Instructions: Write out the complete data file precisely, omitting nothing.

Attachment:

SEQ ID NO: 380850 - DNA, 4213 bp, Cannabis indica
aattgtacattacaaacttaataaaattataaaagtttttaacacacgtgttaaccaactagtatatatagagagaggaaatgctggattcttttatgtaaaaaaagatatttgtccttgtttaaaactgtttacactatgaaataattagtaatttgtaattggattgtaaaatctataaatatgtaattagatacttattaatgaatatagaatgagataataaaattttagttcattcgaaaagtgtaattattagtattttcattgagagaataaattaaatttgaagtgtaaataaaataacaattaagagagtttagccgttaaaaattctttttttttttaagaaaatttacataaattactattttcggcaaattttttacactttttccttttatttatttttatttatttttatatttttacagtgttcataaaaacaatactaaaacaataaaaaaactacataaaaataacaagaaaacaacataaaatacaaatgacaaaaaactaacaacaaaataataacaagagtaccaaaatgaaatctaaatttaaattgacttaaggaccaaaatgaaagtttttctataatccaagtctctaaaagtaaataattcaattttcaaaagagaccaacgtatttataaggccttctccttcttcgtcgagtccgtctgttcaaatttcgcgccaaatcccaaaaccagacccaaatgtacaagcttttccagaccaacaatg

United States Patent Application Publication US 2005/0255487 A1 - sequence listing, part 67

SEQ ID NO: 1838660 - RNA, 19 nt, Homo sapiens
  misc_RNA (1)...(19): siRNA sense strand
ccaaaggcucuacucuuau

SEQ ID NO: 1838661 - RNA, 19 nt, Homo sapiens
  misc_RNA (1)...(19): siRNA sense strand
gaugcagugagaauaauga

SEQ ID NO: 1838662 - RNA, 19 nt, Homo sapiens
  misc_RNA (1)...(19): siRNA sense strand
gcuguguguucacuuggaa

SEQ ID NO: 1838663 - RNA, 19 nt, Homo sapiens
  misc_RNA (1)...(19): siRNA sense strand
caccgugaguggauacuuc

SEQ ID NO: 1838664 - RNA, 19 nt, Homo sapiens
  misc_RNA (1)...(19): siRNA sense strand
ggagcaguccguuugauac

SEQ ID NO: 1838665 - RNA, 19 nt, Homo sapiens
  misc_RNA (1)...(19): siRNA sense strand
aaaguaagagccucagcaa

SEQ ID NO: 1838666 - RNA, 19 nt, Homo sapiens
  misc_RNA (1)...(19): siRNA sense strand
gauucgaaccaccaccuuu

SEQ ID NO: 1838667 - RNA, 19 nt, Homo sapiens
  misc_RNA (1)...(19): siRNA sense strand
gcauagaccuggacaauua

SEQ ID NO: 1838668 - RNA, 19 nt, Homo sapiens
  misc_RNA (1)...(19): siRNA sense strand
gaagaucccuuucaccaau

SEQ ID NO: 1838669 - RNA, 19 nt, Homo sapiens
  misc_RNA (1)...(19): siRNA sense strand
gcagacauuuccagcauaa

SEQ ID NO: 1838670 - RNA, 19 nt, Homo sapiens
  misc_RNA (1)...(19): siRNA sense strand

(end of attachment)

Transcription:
SEQ ID NO: 380850 - DNA, 4213 bp, Cannabis indica
aattgtacattacaaacttaataaaattataaaagtttttaacacacgtgttaaccaactagtatatatagagagaggaaatgctggattcttttatgtaaaaaaagatatttgtccttgtttaaaactgtttacactatgaaataattagtaatttgtaattggattgtaaaatctataaatatgtaattagatacttattaatgaatatagaatgagataataaaattttagttcattcgaaaagtgtaattattagtattttcattgagagaataaattaaatttgaagtgtaaataaaataacaattaagagagtttagccgttaaaaattctttttttttttaagaaaatttacataaattactattttcggcaaattttttacactttttccttttatttatttttatttatttttatatttttacagtgttcataaaaacaatactaaaacaataaaaaaactacataaaaataacaagaaaacaacataaaatacaaatgacaaaaaactaacaacaaaataataacaagagtaccaaaatgaaatctaaatttaaattgacttaaggaccaaaatgaaagtttttctataatccaagtctctaaaagtaaataattcaattttcaaaagagaccaacgtatttataaggccttctccttcttcgtcgagtccgtctgttcaaatttcgcgccaaatcccaaaaccagacccaaatgtacaagcttttccagaccaacaatg

United States Patent Application Publication US 2005/0255487 A1 - sequence listing, part 67

SEQ ID NO: 1838660 - RNA, 19 nt, Homo sapiens
  misc_RNA (1)...(19): siRNA sense strand
ccaaaggcucuacucuuau

SEQ ID NO: 1838661 - RNA, 19 nt, Homo sapiens
  misc_RNA (1)...(19): siRNA sense strand
gaugcagugagaauaauga

SEQ ID NO: 1838662 - RNA, 19 nt, Homo sapiens
  misc_RNA (1)...(19): siRNA sense strand
gcuguguguucacuuggaa

SEQ ID NO: 1838663 - RNA, 19 nt, Homo sapiens
  misc_RNA (1)...(19): siRNA sense strand
caccgugaguggauacuuc

SEQ ID NO: 1838664 - RNA, 19 nt, Homo sapiens
  misc_RNA (1)...(19): siRNA sense strand
ggagcaguccguuugauac

SEQ ID NO: 1838665 - RNA, 19 nt, Homo sapiens
  misc_RNA (1)...(19): siRNA sense strand
aaaguaagagccucagcaa

SEQ ID NO: 1838666 - RNA, 19 nt, Homo sapiens
  misc_RNA (1)...(19): siRNA sense strand
gauucgaaccaccaccuuu

SEQ ID NO: 1838667 - RNA, 19 nt, Homo sapiens
  misc_RNA (1)...(19): siRNA sense strand
gcauagaccuggacaauua

SEQ ID NO: 1838668 - RNA, 19 nt, Homo sapiens
  misc_RNA (1)...(19): siRNA sense strand
gaagaucccuuucaccaau

SEQ ID NO: 1838669 - RNA, 19 nt, Homo sapiens
  misc_RNA (1)...(19): siRNA sense strand
gcagacauuuccagcauaa

SEQ ID NO: 1838670 - RNA, 19 nt, Homo sapiens
  misc_RNA (1)...(19): siRNA sense strand